Vox Tablet

A Grandfather’s Hidden Love Letters From Nazi Germany Reveal a Buried Past

Reporter Sarah Wildman’s grandfather escaped Vienna in 1938. Long after he died, she discovered the life—and lover—he left behind.

October 20, 2014
(Photo courtesy of Sarah Wildman)
(Photo courtesy of Sarah Wildman)

In 2007, journalist Sarah Wildman discovered a hidden cache of letters in her grandfather’s home office. By that time, her grandfather Karl was no longer living, but he had been a strong presence for most of her life—a worldly bon vivant and successful doctor whose smooth escape from Vienna in 1938 was part of the family lore. The letters, written mostly in German, came from people he’d left behind—people Wildman had never heard of before and, in particular, one young Jewish woman named Valy, whose letters made clear that she and Karl had been much more than friends. The letters—sent between 1939 and 1941—overflowed with love and yearning, but also conveyed that her situation was becoming increasingly dire.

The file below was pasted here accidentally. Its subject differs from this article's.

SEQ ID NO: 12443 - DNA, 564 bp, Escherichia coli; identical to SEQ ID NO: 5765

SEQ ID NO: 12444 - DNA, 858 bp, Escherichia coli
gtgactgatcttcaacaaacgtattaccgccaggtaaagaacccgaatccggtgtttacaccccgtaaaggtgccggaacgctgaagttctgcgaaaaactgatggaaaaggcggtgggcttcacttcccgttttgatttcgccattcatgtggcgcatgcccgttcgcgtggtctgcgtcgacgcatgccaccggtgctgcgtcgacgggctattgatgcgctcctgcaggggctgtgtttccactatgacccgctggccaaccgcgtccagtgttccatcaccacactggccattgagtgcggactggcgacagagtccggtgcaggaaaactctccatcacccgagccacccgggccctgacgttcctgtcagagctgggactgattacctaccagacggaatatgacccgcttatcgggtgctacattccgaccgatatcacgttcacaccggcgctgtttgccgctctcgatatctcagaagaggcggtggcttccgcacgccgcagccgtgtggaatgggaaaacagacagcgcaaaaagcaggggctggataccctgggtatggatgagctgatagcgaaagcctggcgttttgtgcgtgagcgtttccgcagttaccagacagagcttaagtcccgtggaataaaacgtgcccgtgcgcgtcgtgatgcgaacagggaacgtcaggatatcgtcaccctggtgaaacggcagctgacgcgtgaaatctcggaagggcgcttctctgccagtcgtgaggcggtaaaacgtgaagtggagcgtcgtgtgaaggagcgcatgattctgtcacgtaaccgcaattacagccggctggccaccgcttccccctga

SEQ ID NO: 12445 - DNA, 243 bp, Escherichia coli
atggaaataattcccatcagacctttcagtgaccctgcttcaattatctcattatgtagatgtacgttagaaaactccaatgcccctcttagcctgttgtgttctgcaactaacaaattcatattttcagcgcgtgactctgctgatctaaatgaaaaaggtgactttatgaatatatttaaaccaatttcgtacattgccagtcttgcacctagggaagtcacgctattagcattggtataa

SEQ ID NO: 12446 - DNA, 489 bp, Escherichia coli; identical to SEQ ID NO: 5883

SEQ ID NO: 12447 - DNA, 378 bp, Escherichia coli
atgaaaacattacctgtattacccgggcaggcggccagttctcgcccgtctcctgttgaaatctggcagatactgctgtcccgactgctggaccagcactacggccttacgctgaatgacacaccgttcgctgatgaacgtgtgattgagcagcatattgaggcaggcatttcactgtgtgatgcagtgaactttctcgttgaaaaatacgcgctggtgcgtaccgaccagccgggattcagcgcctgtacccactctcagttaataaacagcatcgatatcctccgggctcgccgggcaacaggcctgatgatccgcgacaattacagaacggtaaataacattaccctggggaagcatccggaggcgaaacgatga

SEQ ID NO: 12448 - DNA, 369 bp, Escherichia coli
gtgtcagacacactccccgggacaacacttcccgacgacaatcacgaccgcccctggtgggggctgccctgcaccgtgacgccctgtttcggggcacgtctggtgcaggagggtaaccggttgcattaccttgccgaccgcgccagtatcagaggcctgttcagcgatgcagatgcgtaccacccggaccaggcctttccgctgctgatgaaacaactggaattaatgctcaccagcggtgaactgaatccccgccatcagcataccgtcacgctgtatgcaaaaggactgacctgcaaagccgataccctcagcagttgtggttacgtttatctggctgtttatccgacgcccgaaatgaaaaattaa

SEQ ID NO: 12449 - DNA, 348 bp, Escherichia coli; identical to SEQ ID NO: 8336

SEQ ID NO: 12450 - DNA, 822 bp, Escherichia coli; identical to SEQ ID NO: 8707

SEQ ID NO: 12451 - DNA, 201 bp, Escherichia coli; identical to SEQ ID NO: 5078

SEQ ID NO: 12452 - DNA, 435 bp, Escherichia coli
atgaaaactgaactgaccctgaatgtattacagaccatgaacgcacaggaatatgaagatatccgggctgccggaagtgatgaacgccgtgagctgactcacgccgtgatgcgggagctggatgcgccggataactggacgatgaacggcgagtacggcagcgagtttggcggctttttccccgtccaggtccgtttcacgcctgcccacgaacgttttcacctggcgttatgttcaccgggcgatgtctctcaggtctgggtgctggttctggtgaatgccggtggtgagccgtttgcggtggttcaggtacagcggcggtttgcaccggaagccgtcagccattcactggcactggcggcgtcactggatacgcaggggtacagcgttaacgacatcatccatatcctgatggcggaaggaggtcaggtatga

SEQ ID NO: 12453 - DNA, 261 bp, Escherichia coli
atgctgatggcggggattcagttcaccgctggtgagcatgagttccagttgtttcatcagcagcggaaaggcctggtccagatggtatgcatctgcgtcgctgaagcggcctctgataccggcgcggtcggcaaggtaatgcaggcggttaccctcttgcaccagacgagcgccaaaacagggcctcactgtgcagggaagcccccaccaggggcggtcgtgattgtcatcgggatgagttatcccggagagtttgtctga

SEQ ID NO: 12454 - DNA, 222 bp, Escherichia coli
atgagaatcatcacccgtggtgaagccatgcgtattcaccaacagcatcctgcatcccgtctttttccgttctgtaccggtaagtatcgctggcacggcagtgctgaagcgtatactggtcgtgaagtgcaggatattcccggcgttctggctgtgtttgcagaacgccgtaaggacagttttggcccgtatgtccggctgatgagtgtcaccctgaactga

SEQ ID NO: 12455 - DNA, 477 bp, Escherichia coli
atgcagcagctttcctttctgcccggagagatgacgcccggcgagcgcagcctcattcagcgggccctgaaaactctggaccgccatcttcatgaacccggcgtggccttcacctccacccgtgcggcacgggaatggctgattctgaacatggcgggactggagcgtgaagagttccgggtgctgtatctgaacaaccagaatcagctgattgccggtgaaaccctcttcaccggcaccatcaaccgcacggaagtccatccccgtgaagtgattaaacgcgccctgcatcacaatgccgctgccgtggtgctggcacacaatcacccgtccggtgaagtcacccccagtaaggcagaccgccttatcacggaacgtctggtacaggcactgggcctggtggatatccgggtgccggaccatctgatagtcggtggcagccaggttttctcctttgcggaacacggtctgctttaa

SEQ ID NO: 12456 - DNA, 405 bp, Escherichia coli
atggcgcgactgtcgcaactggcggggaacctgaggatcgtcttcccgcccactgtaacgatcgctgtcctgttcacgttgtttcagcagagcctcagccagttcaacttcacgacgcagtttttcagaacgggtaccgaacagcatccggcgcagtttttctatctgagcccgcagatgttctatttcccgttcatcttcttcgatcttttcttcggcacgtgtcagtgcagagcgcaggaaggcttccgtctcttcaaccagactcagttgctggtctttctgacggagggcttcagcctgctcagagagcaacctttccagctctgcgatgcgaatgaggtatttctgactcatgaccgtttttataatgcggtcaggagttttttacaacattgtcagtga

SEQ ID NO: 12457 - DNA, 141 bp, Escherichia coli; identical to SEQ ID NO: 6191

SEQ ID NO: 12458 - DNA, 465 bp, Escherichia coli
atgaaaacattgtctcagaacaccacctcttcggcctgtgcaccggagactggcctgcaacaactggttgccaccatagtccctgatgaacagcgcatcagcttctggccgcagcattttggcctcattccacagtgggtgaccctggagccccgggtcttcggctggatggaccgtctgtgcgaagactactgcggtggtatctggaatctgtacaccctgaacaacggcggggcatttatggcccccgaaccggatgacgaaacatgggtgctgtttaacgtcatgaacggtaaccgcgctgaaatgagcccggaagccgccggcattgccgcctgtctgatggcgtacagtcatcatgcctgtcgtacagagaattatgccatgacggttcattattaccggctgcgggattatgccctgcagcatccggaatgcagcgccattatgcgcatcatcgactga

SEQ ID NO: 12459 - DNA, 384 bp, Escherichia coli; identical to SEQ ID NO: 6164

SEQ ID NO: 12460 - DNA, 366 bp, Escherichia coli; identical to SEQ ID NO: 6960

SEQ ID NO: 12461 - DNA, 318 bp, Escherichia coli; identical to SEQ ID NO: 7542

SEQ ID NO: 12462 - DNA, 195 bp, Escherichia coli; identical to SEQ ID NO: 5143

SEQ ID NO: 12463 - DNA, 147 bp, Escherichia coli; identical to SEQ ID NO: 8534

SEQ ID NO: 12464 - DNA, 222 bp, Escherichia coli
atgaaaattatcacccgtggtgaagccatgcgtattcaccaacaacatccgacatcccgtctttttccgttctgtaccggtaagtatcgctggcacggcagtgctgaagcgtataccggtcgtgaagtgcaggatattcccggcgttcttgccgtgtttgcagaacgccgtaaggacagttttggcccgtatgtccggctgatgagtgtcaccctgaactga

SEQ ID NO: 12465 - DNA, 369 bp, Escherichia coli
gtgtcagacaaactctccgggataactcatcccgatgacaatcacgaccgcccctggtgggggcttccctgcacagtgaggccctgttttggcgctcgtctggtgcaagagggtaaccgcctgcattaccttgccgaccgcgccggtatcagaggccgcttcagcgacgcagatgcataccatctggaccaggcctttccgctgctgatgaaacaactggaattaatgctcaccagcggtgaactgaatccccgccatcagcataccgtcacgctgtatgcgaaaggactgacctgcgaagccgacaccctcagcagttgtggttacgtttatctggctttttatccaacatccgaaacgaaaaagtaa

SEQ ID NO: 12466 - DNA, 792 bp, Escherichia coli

Who was this woman? What were the particular circumstances under which she wrote? And what became of her? Those questions possessed Wildman, and so she set out to find answers. Wildman traveled from Vienna to Israel to Ann Arbor and elsewhere in her search. In a new book, Paper Love: Searching for the Girl My Grandfather Left Behind, she tells the story of her journey and her discoveries. Vox Tablet’s Sara Ivry speaks with her about how the research complicated her understanding of the Nazi occupation, and of her beloved grandfather.

Vox Tablet is Tablet Magazine’s weekly podcast, hosted by Sara Ivry and produced by Julie Subrin. You can listen to individual episodes here or subscribe on iTunes.

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